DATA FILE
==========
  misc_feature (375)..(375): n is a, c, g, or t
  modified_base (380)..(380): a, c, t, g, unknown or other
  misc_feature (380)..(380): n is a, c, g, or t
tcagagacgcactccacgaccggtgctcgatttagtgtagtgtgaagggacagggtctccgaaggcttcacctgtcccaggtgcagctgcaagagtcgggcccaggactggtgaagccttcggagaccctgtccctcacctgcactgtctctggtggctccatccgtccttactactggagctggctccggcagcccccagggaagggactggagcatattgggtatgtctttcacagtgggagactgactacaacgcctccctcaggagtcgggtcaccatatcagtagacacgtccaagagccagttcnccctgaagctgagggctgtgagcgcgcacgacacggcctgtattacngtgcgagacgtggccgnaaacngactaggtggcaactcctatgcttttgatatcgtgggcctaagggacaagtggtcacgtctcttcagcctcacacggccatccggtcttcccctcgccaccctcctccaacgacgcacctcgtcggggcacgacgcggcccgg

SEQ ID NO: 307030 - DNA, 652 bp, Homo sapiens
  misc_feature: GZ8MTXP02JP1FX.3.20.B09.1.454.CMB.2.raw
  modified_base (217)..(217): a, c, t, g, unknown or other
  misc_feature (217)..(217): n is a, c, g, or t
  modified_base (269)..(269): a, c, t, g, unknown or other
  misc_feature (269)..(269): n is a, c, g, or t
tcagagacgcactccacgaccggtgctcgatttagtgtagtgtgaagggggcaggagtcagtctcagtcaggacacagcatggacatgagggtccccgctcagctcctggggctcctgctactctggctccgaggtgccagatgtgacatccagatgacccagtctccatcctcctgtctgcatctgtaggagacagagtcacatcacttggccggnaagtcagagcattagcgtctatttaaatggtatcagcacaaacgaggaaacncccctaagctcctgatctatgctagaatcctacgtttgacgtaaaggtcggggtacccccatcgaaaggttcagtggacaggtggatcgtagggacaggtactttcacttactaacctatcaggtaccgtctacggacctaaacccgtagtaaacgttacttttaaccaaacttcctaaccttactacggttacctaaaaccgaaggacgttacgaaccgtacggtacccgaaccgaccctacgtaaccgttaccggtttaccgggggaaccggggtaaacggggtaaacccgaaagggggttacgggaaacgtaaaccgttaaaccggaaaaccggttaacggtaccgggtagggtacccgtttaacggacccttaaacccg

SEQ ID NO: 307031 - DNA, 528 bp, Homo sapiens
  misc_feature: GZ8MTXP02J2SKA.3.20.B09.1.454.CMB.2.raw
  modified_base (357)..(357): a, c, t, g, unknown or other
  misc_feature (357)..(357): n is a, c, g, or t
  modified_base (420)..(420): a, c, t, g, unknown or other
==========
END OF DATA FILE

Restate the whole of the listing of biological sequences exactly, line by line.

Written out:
  misc_feature (375)..(375): n is a, c, g, or t
  modified_base (380)..(380): a, c, t, g, unknown or other
  misc_feature (380)..(380): n is a, c, g, or t
tcagagacgcactccacgaccggtgctcgatttagtgtagtgtgaagggacagggtctccgaaggcttcacctgtcccaggtgcagctgcaagagtcgggcccaggactggtgaagccttcggagaccctgtccctcacctgcactgtctctggtggctccatccgtccttactactggagctggctccggcagcccccagggaagggactggagcatattgggtatgtctttcacagtgggagactgactacaacgcctccctcaggagtcgggtcaccatatcagtagacacgtccaagagccagttcnccctgaagctgagggctgtgagcgcgcacgacacggcctgtattacngtgcgagacgtggccgnaaacngactaggtggcaactcctatgcttttgatatcgtgggcctaagggacaagtggtcacgtctcttcagcctcacacggccatccggtcttcccctcgccaccctcctccaacgacgcacctcgtcggggcacgacgcggcccgg

SEQ ID NO: 307030 - DNA, 652 bp, Homo sapiens
  misc_feature: GZ8MTXP02JP1FX.3.20.B09.1.454.CMB.2.raw
  modified_base (217)..(217): a, c, t, g, unknown or other
  misc_feature (217)..(217): n is a, c, g, or t
  modified_base (269)..(269): a, c, t, g, unknown or other
  misc_feature (269)..(269): n is a, c, g, or t
tcagagacgcactccacgaccggtgctcgatttagtgtagtgtgaagggggcaggagtcagtctcagtcaggacacagcatggacatgagggtccccgctcagctcctggggctcctgctactctggctccgaggtgccagatgtgacatccagatgacccagtctccatcctcctgtctgcatctgtaggagacagagtcacatcacttggccggnaagtcagagcattagcgtctatttaaatggtatcagcacaaacgaggaaacncccctaagctcctgatctatgctagaatcctacgtttgacgtaaaggtcggggtacccccatcgaaaggttcagtggacaggtggatcgtagggacaggtactttcacttactaacctatcaggtaccgtctacggacctaaacccgtagtaaacgttacttttaaccaaacttcctaaccttactacggttacctaaaaccgaaggacgttacgaaccgtacggtacccgaaccgaccctacgtaaccgttaccggtttaccgggggaaccggggtaaacggggtaaacccgaaagggggttacgggaaacgtaaaccgttaaaccggaaaaccggttaacggtaccgggtagggtacccgtttaacggacccttaaacccg

SEQ ID NO: 307031 - DNA, 528 bp, Homo sapiens
  misc_feature: GZ8MTXP02J2SKA.3.20.B09.1.454.CMB.2.raw
  modified_base (357)..(357): a, c, t, g, unknown or other
  misc_feature (357)..(357): n is a, c, g, or t
  modified_base (420)..(420): a, c, t, g, unknown or other